Bigger isn’t always better in the craft beer world. Independent brewers all share one thing in common: they’re brewing at a fraction of the scale of MillerCoors and the like. And I mean a tiny fraction. But even among local, independently owned places like Rahr & Sons Brewing or Panther Island Brewing, there’s only one brewery that fits in the nano category: Bearded Eel Craft Brewery.
Located off of a long, dusty stretch of Business 287 in far North Fort Worth, Bearded Eel sits among a row of large metal hangers. BJ and Becky Burnett were kind enough to take a short break from serving eager customers to chat about their brewing system. The married couple has their own unique backstory. The duo discovered their love for brewing in the serene hills of Switzerland while teaching at an international school. They loved the hobby so much that when they returned to Fort Worth a few years ago they ditched teaching and poured everything they had into opening a brewery. Without the support of financial backers (B.J. and Becky didn’t seek investors) they started with what they could afford — a small scale brewing system.
First, some number-crunching: Brewers describe volume in barrels. One barrel is twice the volume of a full-size keg and holds 31 gallons. B.J. said Bearded Eel is able to put out 1.5 barrels of brew a day.
“And that’s on a good day,” he added “ If we’re making a low ABV (alcohol) beer that doesn’t require a huge mash and we can get a lot of fermentables into the boil. Anything under five barrels is super small. By comparison, most of the breweries around here are starting with a 30 to 60 barrel system. That’s big compared to us, but 30 barrels is still small for a packaging brewery in the grand scheme of things. Millercoors is making millions of barrels all the time. The Miller plant is so massive it’s almost on an inconceivable scale.”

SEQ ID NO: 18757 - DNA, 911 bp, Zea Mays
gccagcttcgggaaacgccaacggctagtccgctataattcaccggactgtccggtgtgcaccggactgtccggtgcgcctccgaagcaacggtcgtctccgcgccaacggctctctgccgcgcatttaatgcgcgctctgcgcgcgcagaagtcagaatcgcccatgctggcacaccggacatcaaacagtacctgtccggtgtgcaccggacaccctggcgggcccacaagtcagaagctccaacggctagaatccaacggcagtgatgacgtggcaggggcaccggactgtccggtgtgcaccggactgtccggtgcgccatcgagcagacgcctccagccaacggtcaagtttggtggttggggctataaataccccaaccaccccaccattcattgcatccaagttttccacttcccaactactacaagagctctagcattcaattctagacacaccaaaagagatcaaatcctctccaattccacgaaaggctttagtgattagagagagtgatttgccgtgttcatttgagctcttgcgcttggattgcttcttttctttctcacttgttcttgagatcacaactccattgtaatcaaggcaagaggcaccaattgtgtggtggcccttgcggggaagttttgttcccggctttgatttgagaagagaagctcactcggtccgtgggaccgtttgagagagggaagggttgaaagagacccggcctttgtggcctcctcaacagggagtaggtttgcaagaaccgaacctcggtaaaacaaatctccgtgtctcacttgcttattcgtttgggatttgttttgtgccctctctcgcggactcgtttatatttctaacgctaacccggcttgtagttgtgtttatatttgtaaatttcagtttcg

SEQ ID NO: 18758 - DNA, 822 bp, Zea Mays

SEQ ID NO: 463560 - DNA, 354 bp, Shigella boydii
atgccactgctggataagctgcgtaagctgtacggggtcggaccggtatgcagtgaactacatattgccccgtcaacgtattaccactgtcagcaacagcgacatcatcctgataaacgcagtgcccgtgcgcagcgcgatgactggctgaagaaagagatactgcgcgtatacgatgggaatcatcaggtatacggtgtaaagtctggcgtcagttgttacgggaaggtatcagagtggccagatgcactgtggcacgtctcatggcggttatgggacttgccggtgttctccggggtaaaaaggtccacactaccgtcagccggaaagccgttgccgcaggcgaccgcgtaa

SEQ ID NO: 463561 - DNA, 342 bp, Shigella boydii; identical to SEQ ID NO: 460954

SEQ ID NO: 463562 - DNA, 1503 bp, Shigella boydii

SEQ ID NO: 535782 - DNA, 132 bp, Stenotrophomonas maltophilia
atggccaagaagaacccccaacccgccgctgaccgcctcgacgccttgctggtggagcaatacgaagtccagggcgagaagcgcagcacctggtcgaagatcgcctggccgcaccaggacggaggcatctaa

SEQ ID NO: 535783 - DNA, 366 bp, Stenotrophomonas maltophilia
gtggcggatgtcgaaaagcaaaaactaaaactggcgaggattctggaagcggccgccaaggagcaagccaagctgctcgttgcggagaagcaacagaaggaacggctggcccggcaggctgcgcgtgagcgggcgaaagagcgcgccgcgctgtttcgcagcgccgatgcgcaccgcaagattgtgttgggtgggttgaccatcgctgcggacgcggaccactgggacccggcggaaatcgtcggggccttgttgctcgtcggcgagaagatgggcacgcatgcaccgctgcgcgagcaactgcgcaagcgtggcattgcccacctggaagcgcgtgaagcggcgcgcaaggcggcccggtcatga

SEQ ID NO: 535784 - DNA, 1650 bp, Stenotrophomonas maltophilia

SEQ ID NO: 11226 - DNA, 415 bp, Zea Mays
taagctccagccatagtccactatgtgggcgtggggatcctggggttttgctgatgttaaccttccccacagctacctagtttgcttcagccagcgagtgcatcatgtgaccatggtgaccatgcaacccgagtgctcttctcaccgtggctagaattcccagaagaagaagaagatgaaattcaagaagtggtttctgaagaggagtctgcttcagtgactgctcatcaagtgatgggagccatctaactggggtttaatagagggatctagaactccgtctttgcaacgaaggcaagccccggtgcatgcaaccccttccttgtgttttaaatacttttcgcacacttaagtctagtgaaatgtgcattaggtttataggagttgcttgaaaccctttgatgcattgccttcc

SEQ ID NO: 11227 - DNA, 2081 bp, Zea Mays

In a way, Bearded Eel is the cowboy with the smallest pistol in the gunfight, but what B.J. and Becky don’t have in volume they make up for with adventurous recipes.
“The biggest advantage for us is we have the option of experimentation,” B.J. said. “If we do a brew as a total experimental one-off and it doesn’t work then it isn’t a big deal. We’ve wasted 40 or 45 gallons. We’re not putting 200 or 800 gallons into something and then the equivalent amount of hops and manpower. It’s part of the reason people say we don’t have any ‘safe’ beers.”
This isn’t to say there aren’t limits to the small system of vats and fermenters. Becky said keeping the taproom flowing with ales and sours has meant limiting the number of kegs that can be sold to bars and brewpubs. At the moment B.J. and Becky are able to stock The Bearded Lady, The Brass Tap, and Dallas-based craft kitchen Luck.
In order to have adequate beer volume and time to begin bottling, the couple has limited its taproom hours to one day, Friday from 6pm to 9pm. Fans of Bearded Eel will soon be able to purchase bombers of Texican (a Serrano Pepper-infused ale), The Stout (Russian Imperial Stout), and Wizard Status (double rye IPA) at Fossil Creek Liquor in Saginaw. Becky said she hopes to confirm several other local specialty stores soon.
“At some point we’ll need up guy a larger system,” B.J. said. “But in a way, I’m not looking forward to it. Right now Becky and I handle every step of the brewing process. Even with a seven or ten barrel system you can’t do everything yourself.”
On tap this week:
Now you’ve read about it, get out and drink it.
C’mon it’s Ch’America.
Ch’America IPA at Chimera Brewing Company (4.6 ABV) is definitely a sipping beer: bitter and dry with mild piney, grapefruit notes. I love IPAs, but this feisty ale is one of the more robust (bitter) I’ve had in a while. Not surprisingly, the bartender said Chimera employs a hopping technique called hop “bursting” with five varieties of hops. Need I say more. If IPAs aren’t your thing, Chimera keeps three to four homebrews on tap in addition to a treasure trove of regional and national craft beer brands.
On tap for next week is a conversation with Brian Brown, co-author (along with Paul Hightower) of North Texas Beer: A Full-Bodied History of Brewing in Dallas. I’ll ask him a simple question that has a not-so-simple, but very interesting, answer. Why do a majority of Americans (and much of the world) drink lagers (i.e Bud Light, Miller Light)?